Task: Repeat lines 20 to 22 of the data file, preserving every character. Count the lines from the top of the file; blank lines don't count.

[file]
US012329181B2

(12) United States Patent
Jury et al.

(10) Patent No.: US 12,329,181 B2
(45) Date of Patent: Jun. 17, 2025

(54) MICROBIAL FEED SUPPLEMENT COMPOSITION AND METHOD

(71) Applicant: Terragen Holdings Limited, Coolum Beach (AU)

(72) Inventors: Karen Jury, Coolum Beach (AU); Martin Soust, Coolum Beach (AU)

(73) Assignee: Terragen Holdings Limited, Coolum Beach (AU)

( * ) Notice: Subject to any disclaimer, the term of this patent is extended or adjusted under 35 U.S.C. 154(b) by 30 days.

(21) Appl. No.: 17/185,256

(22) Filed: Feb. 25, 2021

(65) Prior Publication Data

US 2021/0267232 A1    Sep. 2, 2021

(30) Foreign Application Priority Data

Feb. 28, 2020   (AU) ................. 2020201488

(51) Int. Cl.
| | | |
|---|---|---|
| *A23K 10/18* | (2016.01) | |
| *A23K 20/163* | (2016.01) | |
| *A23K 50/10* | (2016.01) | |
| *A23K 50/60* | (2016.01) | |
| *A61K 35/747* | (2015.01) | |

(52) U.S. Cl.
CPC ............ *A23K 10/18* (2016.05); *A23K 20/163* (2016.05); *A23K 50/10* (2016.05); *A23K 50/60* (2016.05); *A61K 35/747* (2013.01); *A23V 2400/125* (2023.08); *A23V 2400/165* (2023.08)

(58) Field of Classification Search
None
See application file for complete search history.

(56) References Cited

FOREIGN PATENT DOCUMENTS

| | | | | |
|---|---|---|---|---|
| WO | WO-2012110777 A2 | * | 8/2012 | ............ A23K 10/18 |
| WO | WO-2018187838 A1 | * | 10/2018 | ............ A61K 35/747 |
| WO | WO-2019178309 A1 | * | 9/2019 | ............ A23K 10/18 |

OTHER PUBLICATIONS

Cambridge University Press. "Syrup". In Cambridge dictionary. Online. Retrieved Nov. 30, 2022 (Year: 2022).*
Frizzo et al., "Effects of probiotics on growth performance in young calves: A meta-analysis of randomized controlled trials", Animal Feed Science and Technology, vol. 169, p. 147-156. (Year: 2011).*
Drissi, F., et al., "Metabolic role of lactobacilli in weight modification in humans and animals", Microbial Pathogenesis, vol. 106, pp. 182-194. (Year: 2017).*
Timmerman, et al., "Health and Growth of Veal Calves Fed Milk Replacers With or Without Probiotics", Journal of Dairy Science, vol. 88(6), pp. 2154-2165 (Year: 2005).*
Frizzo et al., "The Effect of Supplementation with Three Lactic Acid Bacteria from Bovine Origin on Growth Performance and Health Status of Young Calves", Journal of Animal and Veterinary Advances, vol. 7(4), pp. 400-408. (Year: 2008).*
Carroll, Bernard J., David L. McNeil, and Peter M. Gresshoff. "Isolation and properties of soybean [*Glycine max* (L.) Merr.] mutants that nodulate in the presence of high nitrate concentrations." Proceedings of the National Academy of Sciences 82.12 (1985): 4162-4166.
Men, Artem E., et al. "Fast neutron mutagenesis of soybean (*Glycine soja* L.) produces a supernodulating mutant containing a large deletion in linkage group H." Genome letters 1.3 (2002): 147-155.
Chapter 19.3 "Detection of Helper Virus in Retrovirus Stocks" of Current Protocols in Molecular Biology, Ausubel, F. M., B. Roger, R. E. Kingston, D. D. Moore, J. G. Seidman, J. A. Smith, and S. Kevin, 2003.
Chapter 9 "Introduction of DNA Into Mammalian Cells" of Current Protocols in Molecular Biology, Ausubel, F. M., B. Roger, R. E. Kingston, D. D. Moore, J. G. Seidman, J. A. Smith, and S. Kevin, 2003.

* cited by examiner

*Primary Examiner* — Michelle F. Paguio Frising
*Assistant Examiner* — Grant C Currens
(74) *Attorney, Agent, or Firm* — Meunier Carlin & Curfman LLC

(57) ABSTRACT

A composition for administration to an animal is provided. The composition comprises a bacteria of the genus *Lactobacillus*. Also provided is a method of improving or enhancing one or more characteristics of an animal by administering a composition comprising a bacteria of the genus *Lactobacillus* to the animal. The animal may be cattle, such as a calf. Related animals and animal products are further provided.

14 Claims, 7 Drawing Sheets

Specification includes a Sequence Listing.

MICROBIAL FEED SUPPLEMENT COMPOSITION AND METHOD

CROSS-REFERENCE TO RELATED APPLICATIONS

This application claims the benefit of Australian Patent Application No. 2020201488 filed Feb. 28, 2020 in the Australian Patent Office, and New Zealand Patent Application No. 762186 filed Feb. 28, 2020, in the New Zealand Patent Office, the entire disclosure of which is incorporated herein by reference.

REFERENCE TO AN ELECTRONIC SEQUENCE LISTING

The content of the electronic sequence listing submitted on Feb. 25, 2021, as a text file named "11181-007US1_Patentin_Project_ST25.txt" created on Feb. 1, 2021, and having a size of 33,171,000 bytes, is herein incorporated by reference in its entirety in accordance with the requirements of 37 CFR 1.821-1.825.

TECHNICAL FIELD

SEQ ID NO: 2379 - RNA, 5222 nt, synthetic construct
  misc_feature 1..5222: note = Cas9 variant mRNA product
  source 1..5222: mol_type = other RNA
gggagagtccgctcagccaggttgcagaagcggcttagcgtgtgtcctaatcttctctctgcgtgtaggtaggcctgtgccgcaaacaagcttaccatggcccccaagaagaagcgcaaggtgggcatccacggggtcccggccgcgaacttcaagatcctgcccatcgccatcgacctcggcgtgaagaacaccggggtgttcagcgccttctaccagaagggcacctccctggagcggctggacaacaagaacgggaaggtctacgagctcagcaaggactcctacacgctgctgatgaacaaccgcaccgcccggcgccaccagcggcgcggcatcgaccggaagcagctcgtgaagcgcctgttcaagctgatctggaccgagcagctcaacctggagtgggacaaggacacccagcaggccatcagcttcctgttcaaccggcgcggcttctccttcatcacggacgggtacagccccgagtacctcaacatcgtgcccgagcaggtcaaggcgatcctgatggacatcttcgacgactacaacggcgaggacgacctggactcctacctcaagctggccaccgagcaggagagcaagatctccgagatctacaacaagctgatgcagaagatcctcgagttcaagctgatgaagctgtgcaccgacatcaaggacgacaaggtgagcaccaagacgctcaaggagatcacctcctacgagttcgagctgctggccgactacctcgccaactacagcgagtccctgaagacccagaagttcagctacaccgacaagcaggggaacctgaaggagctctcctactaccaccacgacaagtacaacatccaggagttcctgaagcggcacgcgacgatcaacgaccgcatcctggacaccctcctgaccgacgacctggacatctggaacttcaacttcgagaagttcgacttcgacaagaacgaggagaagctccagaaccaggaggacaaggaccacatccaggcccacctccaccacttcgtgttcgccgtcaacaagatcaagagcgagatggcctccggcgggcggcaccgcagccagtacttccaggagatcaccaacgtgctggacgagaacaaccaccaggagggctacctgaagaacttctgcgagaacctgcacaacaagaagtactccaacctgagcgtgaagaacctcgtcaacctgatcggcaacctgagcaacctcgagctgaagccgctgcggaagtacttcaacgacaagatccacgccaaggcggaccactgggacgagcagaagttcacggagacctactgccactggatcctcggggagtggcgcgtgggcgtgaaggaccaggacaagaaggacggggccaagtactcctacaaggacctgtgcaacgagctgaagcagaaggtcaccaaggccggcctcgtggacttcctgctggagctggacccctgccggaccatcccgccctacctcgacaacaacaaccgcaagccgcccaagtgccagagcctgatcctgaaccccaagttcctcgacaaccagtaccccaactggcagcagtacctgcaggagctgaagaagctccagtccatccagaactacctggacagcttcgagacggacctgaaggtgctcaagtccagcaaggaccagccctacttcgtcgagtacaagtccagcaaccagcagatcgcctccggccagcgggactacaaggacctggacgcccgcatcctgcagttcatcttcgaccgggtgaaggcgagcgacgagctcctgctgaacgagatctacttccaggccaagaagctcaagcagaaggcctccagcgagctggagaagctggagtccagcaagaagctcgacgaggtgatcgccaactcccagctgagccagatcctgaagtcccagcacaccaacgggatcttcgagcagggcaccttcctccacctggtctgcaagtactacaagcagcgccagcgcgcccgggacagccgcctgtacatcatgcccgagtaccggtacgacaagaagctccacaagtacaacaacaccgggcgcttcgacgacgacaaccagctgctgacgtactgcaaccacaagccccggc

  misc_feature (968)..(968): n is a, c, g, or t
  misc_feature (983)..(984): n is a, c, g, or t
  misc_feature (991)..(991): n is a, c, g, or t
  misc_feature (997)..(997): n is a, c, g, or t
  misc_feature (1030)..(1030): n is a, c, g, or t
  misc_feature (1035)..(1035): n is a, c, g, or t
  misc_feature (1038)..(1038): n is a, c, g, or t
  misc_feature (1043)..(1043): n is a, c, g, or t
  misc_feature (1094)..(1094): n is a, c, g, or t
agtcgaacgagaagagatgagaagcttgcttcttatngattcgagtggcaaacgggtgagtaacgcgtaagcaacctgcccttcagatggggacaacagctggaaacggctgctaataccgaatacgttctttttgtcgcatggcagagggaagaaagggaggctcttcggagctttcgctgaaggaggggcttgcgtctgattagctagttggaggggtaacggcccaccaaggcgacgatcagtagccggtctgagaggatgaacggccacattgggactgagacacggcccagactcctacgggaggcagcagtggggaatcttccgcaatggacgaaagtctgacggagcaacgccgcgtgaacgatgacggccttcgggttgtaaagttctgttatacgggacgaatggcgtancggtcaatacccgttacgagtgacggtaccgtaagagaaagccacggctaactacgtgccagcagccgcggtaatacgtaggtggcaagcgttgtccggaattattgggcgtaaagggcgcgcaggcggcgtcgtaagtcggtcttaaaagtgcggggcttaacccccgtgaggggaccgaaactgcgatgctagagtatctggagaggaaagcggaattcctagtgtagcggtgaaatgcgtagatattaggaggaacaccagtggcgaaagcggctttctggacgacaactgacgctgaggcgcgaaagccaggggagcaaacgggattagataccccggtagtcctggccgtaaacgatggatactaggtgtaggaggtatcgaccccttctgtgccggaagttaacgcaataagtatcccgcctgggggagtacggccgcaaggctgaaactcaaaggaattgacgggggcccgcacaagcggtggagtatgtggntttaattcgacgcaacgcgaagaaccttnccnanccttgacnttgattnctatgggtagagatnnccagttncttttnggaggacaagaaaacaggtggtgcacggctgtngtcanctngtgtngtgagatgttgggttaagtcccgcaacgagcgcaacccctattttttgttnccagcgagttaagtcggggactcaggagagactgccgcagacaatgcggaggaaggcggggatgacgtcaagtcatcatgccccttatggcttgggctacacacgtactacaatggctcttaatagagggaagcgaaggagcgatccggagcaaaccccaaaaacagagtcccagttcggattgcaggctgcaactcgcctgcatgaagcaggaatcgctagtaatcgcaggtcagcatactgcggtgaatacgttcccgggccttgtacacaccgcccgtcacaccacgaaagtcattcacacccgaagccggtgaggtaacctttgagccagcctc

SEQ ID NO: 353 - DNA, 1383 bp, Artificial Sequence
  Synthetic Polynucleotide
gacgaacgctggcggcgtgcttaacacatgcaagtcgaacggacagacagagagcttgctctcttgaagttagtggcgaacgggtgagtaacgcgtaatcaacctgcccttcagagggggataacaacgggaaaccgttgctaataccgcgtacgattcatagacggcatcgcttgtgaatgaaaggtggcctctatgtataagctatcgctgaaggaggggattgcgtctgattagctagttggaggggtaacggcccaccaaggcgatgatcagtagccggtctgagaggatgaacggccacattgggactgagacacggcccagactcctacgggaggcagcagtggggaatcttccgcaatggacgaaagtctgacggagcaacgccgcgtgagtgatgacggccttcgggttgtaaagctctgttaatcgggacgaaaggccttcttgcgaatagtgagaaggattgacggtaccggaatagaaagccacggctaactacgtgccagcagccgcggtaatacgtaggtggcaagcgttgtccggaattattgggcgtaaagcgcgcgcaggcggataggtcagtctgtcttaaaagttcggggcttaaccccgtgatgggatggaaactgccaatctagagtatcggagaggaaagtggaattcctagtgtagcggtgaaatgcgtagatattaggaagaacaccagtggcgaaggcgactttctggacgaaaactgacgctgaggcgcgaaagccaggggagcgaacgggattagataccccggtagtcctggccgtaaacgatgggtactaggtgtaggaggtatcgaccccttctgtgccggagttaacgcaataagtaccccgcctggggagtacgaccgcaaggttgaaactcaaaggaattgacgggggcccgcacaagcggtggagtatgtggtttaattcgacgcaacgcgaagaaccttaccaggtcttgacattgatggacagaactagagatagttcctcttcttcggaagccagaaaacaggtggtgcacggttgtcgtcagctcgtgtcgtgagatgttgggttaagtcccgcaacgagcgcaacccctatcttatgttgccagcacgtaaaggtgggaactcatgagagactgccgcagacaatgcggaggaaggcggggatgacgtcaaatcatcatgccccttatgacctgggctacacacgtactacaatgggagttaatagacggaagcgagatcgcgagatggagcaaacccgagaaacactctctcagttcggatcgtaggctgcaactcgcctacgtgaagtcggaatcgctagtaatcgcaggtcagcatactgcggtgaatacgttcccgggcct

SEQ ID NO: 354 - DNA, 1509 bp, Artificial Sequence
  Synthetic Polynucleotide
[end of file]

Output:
| *A23K 10/18* | (2016.01) | |
| *A23K 20/163* | (2016.01) | |
| *A23K 50/10* | (2016.01) | |